The Danny Woo Community Garden created in 1975 by community activists and volunteers in an effort led by InterIm CDA is 1.5 acres of green space that sits between Interstate 5 and South Main Street in Chinatown-ID. For 41 years, it has provided 88 garden plots for low income, elderly Asian and Pacific Islander (API) and other immigrants and refugees. The garden is a source of food security, socialization, exercise and vegetables that reflect cultural and traditional API foods of choice: bok choy, bittermelon, daikon, watercress, perilla leaves, mugwort, Asian eggplants, Chinese bellflower, Chinese pears and more. The garden also contains 61 fruit trees and 15 chickens who eggs benefit the gardeners.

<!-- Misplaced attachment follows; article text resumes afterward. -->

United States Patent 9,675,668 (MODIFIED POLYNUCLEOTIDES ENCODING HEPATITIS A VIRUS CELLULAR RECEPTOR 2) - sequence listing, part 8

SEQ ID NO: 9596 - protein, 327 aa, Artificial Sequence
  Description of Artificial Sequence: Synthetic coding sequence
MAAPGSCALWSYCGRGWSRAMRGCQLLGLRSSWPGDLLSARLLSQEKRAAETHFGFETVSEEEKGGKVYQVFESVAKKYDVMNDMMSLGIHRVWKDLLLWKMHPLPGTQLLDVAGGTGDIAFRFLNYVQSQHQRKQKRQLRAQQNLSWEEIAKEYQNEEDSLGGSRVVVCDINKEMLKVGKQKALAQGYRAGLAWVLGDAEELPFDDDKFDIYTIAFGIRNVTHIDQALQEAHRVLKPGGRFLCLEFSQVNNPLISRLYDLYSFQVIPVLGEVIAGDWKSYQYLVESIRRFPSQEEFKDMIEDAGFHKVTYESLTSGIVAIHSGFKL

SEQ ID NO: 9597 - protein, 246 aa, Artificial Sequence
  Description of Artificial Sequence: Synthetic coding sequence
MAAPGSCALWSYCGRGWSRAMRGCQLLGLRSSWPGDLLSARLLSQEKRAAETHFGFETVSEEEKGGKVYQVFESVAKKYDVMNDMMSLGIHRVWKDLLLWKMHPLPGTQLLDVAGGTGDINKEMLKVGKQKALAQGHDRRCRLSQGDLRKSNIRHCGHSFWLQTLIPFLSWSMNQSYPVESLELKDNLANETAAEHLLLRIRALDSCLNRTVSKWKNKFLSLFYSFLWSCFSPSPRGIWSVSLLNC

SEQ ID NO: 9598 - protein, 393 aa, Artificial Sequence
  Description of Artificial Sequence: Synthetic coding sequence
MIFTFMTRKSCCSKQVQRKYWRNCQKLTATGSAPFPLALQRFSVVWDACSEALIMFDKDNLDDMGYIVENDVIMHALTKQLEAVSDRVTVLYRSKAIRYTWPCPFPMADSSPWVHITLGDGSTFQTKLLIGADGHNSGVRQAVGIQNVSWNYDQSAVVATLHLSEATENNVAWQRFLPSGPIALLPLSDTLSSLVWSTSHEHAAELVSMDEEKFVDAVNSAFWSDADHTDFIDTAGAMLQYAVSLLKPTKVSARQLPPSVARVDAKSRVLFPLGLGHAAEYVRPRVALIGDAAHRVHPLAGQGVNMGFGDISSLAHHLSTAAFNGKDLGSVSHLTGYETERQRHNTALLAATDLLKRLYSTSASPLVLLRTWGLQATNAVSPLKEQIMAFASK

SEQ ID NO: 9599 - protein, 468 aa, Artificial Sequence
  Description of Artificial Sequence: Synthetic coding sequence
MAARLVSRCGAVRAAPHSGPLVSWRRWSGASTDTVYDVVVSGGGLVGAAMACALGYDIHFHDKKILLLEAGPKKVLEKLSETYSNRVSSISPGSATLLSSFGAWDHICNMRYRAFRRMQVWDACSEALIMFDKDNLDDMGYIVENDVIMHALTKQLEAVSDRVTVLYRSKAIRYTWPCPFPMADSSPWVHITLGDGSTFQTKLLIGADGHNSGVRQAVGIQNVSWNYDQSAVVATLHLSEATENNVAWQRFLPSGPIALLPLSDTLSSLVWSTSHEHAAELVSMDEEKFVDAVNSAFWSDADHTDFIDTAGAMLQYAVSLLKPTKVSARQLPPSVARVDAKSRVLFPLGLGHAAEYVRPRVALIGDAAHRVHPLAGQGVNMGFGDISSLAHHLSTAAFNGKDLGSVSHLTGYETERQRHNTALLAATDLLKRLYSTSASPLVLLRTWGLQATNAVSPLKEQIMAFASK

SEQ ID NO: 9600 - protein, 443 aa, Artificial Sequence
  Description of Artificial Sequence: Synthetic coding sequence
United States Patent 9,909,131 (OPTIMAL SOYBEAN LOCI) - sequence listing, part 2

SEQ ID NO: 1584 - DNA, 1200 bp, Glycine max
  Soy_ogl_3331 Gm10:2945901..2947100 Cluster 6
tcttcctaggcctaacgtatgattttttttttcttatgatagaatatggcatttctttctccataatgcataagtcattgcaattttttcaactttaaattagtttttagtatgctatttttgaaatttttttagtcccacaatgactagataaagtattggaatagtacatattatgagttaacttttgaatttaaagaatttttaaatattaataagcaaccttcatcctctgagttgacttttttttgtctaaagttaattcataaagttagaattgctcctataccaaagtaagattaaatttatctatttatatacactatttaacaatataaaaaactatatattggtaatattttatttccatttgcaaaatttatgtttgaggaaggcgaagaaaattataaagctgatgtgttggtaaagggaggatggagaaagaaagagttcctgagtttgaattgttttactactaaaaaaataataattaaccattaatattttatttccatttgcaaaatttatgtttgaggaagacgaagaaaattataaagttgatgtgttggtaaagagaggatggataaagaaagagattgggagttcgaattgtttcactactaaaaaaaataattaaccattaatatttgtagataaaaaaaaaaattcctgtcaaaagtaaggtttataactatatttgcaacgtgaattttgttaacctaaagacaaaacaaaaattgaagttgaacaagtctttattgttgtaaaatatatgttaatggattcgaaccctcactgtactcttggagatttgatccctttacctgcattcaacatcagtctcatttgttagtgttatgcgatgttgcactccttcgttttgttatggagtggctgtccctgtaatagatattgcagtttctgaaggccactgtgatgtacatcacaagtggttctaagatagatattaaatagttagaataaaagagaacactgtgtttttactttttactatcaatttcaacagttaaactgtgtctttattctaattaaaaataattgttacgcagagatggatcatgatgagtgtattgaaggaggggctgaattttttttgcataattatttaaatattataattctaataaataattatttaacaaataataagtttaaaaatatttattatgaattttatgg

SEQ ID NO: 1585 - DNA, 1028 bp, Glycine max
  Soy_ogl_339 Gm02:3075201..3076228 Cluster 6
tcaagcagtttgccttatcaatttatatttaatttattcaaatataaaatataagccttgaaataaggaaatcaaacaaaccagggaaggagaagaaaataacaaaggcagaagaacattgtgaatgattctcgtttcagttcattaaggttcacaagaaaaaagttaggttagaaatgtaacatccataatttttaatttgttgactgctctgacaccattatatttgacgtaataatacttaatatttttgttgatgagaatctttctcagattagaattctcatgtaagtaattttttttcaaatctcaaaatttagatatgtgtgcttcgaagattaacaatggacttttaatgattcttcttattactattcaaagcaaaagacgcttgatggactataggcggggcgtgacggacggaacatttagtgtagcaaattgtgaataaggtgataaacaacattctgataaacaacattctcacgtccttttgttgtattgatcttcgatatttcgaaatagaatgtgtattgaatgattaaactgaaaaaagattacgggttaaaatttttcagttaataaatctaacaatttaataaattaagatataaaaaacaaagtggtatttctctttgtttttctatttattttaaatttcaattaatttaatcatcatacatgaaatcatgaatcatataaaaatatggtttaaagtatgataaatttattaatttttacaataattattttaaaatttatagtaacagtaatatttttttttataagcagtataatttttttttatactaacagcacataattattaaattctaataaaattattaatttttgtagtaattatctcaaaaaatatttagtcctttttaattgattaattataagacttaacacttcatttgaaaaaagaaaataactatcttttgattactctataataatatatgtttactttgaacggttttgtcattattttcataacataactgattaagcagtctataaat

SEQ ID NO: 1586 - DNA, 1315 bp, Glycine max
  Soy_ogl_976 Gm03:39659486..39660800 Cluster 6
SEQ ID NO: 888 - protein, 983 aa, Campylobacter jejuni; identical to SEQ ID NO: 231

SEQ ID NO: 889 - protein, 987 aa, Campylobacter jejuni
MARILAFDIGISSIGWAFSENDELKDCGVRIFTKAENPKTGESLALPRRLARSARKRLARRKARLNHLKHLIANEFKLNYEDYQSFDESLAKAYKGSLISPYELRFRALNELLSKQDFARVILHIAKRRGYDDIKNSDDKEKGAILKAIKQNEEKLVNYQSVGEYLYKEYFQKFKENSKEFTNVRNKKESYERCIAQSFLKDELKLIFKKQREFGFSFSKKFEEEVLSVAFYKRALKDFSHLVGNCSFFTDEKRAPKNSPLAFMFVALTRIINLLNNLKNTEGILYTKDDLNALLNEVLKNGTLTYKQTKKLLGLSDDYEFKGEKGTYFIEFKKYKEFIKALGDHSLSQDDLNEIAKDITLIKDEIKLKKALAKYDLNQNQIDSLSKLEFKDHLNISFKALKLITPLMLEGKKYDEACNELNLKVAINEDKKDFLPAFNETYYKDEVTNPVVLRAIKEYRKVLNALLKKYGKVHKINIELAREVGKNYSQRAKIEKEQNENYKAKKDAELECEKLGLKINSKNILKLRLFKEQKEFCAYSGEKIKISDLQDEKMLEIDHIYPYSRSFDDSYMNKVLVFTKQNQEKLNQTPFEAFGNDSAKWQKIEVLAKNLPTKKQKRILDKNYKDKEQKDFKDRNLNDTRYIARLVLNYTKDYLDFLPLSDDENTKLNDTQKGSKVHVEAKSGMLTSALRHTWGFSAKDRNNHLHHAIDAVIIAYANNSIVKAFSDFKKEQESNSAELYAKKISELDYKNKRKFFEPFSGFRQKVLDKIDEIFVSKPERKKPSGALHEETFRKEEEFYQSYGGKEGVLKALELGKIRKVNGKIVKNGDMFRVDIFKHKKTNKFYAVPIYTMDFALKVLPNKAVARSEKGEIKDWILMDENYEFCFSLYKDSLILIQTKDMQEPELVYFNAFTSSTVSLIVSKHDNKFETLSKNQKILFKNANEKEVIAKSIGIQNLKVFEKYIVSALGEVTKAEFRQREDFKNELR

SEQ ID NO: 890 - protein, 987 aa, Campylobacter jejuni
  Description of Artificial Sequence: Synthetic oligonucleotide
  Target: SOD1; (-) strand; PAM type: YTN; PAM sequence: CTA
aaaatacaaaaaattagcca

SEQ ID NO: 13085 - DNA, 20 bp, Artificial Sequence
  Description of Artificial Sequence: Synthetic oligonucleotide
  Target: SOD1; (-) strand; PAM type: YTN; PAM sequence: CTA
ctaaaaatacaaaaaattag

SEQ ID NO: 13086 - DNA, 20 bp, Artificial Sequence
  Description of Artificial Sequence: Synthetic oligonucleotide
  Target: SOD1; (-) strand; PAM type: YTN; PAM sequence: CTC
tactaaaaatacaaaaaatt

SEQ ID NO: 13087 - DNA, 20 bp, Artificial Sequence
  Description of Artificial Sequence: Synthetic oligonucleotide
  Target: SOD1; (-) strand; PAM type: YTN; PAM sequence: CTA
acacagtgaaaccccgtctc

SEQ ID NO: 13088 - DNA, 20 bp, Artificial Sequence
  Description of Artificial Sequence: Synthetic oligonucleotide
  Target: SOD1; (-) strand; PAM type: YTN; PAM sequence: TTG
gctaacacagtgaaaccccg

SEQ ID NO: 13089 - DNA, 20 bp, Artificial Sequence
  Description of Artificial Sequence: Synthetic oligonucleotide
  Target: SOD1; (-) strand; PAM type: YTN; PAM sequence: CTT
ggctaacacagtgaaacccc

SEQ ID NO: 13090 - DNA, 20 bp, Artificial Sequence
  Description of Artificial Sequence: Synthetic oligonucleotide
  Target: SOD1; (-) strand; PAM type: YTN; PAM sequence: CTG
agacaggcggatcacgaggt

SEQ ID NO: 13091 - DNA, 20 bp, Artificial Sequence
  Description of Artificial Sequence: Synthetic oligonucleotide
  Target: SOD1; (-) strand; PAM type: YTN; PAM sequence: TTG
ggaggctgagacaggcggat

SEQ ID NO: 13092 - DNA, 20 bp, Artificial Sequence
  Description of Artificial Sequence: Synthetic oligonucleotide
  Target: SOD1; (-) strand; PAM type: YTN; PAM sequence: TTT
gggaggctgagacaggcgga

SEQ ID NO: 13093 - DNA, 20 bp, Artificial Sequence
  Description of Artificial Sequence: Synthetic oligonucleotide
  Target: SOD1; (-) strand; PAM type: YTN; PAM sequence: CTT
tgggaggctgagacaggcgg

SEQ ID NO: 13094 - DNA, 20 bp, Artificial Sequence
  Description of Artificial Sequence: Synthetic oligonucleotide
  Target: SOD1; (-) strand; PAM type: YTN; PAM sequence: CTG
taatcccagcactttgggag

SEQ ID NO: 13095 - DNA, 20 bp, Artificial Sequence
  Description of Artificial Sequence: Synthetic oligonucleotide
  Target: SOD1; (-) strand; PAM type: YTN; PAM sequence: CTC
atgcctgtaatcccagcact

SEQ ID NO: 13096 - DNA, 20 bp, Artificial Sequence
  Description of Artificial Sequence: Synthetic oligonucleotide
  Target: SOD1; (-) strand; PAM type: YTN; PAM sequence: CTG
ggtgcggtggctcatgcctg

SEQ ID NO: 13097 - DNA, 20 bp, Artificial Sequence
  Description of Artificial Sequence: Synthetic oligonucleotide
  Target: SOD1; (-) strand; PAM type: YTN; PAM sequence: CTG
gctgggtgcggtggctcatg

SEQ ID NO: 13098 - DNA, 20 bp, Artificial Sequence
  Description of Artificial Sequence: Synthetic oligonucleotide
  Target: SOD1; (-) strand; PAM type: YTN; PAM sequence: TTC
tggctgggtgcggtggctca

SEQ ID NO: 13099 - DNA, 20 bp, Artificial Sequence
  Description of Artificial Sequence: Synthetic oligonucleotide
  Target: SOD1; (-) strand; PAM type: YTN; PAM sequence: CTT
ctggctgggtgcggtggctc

The Wing exhibit, Seeds of Change, Roots of Power, will tell the strong social justice and activist story behind those who helped make the garden possible at a crucial time in preserving the character and livability of Chinatown-ID in the 1970s. The construction of Interstate 5 had cut the neighborhood in half, threatened air quality, and created noise pollution. The construction of the Kingdome was also going to negatively impact the neighborhood’s residents by driving up cost of living and creating a more industrial setting.

At this time, health, housing, and other social service resources specifically targeted for Asian and Pacific Islanders were scarce. Local business and community leaders formed InterIm CDA to address this need. Let by Uncle Bob Santos in the late sixties and seventies, InterIm CDA created and preserved affordable housing, health clinics and other resources to help this predominantly low-income immigrant and refugee neighborhood, including the Danny Woo Community Garden.